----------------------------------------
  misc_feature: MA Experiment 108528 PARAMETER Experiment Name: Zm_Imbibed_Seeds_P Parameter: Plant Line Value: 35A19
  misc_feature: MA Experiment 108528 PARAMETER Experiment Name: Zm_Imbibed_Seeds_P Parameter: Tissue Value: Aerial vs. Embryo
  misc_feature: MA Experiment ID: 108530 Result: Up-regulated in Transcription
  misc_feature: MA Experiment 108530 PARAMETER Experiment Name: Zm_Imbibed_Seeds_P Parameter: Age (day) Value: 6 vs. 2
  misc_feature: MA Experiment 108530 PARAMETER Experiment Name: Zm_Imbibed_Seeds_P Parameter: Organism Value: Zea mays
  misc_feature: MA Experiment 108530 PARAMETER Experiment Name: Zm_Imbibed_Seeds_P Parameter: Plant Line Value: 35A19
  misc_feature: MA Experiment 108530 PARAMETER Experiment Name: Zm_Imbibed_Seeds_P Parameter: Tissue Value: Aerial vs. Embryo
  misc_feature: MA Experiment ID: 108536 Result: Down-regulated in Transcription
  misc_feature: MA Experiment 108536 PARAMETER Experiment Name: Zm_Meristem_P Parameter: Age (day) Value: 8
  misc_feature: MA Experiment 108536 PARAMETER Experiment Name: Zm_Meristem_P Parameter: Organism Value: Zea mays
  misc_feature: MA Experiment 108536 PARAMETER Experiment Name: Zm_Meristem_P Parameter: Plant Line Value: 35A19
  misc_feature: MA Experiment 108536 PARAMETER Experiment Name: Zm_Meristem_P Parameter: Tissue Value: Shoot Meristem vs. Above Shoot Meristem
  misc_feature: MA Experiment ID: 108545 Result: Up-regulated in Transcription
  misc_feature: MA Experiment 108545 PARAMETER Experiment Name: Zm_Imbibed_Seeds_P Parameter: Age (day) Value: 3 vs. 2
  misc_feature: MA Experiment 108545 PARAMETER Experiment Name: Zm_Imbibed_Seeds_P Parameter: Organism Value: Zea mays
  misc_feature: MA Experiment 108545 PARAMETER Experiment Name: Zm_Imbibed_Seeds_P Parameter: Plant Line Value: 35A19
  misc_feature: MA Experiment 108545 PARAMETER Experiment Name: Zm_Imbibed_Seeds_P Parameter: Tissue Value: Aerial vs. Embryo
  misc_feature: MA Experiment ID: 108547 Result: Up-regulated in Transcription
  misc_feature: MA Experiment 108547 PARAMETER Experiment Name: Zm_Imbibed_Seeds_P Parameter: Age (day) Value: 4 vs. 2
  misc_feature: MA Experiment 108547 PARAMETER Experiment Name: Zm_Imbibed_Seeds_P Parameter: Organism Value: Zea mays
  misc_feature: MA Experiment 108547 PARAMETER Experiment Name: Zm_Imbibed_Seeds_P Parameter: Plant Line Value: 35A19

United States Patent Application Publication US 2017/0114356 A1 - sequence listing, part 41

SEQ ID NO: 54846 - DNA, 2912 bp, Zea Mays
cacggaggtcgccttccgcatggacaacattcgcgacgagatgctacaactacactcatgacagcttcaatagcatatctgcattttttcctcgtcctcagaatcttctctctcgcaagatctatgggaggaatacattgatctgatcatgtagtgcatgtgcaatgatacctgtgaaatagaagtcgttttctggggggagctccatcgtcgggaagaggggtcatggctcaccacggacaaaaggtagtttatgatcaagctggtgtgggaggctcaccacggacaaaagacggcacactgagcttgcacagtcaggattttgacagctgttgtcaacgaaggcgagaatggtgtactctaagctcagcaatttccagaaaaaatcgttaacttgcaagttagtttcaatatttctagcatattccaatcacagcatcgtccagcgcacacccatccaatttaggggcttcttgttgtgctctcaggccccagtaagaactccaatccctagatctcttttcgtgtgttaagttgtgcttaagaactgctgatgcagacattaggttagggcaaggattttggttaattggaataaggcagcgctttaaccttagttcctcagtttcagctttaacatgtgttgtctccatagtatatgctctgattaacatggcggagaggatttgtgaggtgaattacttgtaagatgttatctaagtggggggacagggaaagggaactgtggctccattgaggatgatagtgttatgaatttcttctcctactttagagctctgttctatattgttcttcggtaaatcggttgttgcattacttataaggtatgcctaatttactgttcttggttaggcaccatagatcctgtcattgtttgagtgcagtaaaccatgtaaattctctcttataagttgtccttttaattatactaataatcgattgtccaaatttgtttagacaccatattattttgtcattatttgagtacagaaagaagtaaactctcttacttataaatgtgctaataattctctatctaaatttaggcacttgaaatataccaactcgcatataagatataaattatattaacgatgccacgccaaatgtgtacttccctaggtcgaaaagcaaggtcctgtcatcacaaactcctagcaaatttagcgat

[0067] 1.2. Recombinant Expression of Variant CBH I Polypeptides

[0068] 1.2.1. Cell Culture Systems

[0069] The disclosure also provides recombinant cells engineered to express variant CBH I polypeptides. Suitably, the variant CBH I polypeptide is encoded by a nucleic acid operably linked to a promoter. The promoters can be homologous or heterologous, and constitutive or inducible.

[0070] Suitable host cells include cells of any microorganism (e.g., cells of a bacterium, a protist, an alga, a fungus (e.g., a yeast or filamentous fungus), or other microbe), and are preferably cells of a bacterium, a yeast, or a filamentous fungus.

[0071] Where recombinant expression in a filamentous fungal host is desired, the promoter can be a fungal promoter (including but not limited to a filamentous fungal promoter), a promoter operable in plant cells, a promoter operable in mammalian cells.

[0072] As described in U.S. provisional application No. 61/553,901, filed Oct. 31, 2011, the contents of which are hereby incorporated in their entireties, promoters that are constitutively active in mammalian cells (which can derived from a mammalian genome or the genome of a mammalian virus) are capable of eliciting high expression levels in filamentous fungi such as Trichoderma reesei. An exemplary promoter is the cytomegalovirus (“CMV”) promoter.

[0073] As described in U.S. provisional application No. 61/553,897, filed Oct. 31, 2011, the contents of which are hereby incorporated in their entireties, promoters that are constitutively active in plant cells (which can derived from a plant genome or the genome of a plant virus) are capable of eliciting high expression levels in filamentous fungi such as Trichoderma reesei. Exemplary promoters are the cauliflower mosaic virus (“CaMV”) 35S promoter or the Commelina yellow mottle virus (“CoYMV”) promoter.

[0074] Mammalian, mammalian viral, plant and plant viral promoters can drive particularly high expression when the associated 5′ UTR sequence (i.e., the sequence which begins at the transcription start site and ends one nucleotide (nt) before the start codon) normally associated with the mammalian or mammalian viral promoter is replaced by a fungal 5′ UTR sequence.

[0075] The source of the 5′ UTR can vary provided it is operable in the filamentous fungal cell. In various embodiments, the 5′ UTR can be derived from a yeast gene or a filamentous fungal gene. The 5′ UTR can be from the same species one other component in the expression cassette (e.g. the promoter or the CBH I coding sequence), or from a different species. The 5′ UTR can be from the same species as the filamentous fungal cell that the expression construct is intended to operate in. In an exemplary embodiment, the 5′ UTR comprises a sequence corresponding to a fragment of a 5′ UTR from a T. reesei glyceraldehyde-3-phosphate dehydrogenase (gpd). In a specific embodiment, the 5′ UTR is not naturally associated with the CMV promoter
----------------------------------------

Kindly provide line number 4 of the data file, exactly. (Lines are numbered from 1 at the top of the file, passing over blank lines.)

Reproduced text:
  misc_feature: MA Experiment 108530 PARAMETER Experiment Name: Zm_Imbibed_Seeds_P Parameter: Age (day) Value: 6 vs. 2